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The past few weeks I checked out top of the range Mercedes-Benz S-Class: the S600. Last week it was the W221 and the week before that it was the W220. Naturally, I thought it would be a good idea to seek out the first S-Class with a V12, the W140. Little did I know, a reader passed along not only a W140 S600, but one with much than what you are used to normally seeing.
This car is none other than a S70 AMG. It started out life as a standard S600 then was sent to the crazy folks at AMG Japan where it was converted from a 6.0 liter to a 7.0 liter. On top of that, they added front and rear AMG bumpers, some AMG wheels and enough wood for the interior to wipe out a small forest. It is in every way the most ultimate factory W140. (Well, maybe other than the S72 AMG) Just when I thought I had the whole story of this car, it got even crazier. You might notice that despite this car being listed on New Jersey’s Craigslist, it is still located in the (country of) Georgia. Does anyone remember a certain BMW E34 M5 from there? I promise this will all make sense. Just stick with me.
Last week I featured a Mercedes with a giant V12. Today’s car is no different — although with a little more factory flavor. This 1998 S70 AMG hails from Norway in case you even needed to outrun a herd of reindeer. But in all seriousness, this W140 is a rare breed. It was, in typical S-Class fashion, a money is no object car. More importantly, this car continued its life like a money is no object car. So let’s take a better look at this world traveler S70 AMG.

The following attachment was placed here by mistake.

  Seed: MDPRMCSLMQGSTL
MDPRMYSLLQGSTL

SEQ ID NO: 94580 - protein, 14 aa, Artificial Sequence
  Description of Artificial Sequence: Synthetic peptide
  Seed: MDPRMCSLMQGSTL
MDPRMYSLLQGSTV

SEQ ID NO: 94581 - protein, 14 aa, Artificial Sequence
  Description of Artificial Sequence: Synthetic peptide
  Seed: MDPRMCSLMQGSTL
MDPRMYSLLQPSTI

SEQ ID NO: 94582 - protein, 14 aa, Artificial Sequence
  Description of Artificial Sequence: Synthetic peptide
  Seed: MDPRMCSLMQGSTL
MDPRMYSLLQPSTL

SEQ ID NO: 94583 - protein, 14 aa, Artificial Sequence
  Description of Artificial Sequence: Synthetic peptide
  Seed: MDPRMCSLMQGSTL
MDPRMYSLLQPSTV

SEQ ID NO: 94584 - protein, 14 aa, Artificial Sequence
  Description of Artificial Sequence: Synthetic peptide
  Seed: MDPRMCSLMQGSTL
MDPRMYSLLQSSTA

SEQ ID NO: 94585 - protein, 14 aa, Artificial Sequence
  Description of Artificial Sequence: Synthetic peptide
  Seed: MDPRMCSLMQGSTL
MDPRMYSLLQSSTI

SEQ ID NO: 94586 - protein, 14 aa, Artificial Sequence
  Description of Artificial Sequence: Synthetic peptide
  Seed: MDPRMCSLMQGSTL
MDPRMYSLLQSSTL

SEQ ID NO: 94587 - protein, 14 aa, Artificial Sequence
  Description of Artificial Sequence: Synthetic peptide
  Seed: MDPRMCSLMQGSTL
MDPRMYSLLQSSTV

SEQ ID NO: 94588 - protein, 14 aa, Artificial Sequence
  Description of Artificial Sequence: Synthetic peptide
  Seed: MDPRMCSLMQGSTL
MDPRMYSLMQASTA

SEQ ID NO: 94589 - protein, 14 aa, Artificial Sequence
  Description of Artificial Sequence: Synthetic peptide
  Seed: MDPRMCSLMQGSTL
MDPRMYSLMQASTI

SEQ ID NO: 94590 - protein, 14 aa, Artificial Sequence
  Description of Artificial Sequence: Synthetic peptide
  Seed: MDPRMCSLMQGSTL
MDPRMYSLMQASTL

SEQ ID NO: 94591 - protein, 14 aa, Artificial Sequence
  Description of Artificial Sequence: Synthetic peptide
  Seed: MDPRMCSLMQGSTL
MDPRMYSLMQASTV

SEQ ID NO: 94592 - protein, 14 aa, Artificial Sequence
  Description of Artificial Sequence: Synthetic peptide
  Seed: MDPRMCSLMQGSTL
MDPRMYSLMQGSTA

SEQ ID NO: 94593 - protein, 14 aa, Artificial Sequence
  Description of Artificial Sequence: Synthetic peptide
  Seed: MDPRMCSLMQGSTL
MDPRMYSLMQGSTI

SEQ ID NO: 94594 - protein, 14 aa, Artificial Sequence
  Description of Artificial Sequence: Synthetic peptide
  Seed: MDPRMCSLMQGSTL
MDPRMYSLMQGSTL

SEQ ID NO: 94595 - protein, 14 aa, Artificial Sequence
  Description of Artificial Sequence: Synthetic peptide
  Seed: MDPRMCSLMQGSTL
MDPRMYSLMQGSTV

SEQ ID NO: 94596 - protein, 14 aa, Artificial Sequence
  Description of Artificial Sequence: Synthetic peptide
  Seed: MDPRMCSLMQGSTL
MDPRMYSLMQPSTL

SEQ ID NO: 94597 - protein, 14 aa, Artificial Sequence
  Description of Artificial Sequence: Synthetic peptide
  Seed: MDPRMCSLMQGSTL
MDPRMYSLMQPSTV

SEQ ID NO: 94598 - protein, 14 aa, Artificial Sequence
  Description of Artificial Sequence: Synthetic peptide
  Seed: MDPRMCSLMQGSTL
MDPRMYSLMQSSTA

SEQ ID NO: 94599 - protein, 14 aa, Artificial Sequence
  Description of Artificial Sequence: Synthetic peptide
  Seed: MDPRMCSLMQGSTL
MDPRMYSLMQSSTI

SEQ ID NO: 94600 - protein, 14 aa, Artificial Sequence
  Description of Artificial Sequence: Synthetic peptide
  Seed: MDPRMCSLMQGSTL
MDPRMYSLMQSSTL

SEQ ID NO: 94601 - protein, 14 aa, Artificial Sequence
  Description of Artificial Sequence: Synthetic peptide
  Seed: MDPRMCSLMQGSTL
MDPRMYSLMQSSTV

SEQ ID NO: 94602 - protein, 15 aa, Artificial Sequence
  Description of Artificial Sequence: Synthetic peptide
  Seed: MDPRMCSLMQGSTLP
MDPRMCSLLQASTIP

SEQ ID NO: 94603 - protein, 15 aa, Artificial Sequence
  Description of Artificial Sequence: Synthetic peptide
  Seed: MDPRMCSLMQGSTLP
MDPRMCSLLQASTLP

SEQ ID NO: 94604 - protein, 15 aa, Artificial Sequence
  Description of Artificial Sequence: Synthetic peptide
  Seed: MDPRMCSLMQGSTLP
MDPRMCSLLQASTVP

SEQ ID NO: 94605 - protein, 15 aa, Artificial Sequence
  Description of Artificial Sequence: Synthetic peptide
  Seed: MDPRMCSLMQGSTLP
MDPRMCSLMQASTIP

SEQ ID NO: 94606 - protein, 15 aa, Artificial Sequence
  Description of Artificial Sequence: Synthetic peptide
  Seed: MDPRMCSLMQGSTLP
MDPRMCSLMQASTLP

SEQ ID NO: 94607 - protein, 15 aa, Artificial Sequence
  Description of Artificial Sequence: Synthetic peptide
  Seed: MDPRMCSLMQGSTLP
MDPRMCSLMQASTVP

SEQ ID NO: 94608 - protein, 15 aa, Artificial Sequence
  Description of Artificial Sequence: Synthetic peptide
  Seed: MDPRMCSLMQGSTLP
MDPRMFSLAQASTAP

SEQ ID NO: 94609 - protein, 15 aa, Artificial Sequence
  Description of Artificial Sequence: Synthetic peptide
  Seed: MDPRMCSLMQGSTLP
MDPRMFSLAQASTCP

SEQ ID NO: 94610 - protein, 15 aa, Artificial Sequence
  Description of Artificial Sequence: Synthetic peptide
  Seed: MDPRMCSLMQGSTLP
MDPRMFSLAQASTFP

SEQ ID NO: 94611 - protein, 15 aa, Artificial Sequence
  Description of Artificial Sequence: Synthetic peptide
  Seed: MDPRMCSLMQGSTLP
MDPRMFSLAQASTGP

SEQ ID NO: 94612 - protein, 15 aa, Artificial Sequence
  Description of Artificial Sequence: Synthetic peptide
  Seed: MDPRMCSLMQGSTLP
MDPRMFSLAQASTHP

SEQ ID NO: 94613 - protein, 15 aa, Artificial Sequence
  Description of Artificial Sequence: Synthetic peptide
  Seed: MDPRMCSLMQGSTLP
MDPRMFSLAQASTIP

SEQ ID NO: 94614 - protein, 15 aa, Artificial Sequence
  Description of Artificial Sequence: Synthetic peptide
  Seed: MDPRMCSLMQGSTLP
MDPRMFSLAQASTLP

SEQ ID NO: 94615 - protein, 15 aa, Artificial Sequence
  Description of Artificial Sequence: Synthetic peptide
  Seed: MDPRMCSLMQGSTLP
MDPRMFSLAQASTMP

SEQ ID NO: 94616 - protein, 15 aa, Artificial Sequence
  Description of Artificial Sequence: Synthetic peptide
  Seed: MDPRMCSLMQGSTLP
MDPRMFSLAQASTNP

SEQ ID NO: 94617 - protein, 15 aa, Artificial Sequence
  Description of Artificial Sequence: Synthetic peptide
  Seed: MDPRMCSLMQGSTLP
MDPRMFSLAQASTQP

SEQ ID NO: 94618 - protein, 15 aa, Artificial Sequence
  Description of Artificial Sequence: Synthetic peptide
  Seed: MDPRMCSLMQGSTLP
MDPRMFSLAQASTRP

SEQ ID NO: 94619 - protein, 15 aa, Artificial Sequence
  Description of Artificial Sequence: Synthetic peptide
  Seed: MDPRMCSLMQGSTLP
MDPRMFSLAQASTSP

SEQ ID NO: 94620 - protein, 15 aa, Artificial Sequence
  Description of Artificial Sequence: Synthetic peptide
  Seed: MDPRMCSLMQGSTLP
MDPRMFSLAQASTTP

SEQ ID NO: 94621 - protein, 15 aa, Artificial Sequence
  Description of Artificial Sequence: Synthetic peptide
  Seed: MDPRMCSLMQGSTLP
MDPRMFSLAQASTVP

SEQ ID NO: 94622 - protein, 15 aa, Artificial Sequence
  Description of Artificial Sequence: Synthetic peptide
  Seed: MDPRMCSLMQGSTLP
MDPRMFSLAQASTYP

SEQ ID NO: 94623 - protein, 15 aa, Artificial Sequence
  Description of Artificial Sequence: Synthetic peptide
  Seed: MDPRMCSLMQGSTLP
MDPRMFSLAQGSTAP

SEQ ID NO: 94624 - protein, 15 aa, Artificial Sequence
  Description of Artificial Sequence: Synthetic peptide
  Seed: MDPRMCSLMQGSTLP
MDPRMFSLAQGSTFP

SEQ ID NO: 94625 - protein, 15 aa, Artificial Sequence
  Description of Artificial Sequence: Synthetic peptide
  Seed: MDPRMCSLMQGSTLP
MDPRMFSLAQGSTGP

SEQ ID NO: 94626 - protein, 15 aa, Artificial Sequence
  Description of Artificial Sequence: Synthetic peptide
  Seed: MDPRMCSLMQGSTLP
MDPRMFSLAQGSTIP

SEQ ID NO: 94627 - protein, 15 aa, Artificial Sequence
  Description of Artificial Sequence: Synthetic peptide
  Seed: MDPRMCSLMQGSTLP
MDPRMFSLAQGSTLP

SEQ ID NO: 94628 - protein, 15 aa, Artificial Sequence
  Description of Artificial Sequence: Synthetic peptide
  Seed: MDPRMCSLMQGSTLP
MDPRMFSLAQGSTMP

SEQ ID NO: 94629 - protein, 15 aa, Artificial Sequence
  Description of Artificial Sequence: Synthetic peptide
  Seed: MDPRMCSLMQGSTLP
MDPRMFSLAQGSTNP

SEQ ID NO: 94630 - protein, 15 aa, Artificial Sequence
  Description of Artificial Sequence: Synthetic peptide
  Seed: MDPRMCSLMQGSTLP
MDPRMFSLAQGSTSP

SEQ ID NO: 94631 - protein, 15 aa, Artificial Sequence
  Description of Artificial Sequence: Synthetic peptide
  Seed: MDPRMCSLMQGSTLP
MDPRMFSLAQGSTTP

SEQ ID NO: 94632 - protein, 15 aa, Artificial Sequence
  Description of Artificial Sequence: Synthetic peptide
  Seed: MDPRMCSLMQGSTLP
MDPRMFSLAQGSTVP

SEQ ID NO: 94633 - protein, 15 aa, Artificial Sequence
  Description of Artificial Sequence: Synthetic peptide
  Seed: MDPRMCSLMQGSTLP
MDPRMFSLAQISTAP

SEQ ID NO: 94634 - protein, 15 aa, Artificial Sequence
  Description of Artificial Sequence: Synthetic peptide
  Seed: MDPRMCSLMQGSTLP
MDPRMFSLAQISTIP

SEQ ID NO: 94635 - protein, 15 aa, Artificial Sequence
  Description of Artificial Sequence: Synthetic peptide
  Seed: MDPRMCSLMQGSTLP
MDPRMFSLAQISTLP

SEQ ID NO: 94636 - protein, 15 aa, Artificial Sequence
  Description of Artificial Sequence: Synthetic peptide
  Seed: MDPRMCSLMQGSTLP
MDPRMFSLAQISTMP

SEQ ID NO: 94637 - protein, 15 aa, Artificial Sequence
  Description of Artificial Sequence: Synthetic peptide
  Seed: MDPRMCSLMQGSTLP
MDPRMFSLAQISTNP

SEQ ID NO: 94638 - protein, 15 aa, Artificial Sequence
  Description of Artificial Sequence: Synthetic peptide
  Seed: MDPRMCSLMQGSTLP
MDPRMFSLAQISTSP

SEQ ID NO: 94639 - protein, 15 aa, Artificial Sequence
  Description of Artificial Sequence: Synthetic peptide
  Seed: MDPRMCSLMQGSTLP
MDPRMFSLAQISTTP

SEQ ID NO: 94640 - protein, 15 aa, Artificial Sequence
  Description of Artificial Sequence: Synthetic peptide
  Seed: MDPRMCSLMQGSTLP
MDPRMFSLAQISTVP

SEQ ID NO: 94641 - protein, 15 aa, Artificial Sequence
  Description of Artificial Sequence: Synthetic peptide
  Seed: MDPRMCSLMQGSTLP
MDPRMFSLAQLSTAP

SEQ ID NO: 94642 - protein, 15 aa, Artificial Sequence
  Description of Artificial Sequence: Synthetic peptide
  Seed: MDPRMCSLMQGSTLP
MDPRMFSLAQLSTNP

The 1995 BMW 850CSi we featured two summers ago is back up for sale on Bimmer Forums. The car has covered just under 1,000 miles in that time, but besides that fact, this has to be one of the best higher mileage E31s I’ve seen in some time. Along with its contemporary, the Porsche 928GTS, these big cruisers are bringing strong money these days. Will this one meet the ask this time around?
The below post originally appeared on our site July 31, 2014:
Almost exactly a month ago, I took a look at “The One” – the single yellow Alpina B12 5.7 produced. With little information and a staggering price, it was hard to conceptualize how it would reasonably trade hands. But if that was the package you exactly desired, that was about as good as it got. Alpina produced only 57 of the 5.7 Coupes, after all. About half of those produced were opted with an early form of semi-automatic transmission. Dubbed the “Shift-Tronic”, Alpina offered this electronically controlled clutch as an option only of the 5.7 models, and a reported 32 were so equipped. Though not so wildly optioned with color, today’s 5.7 is claimed to be number 30 of the run:
The question of badges, badge engineering and car’s values are always interesting to me. Obvious car values vary considerably, but some times enthusiasts really gravitate towards one particular year or sub-model within a lineup and choose that model for value. Yesterday’s 1995 M3 raised that point; while it was a neat color and lower mileage with good overall condition, it was the OBD1 status that had some claiming that it should be worth more than later models. In the case of the E31, it’s obviously the big-dog 850CSi that stands out with its BMW Motorsport heritage and build. But let’s say, for argument’s sake, that there was arguably a nicer example of the lesser 850i 6-speed with some light modifications available at the same time – is the M badge that important?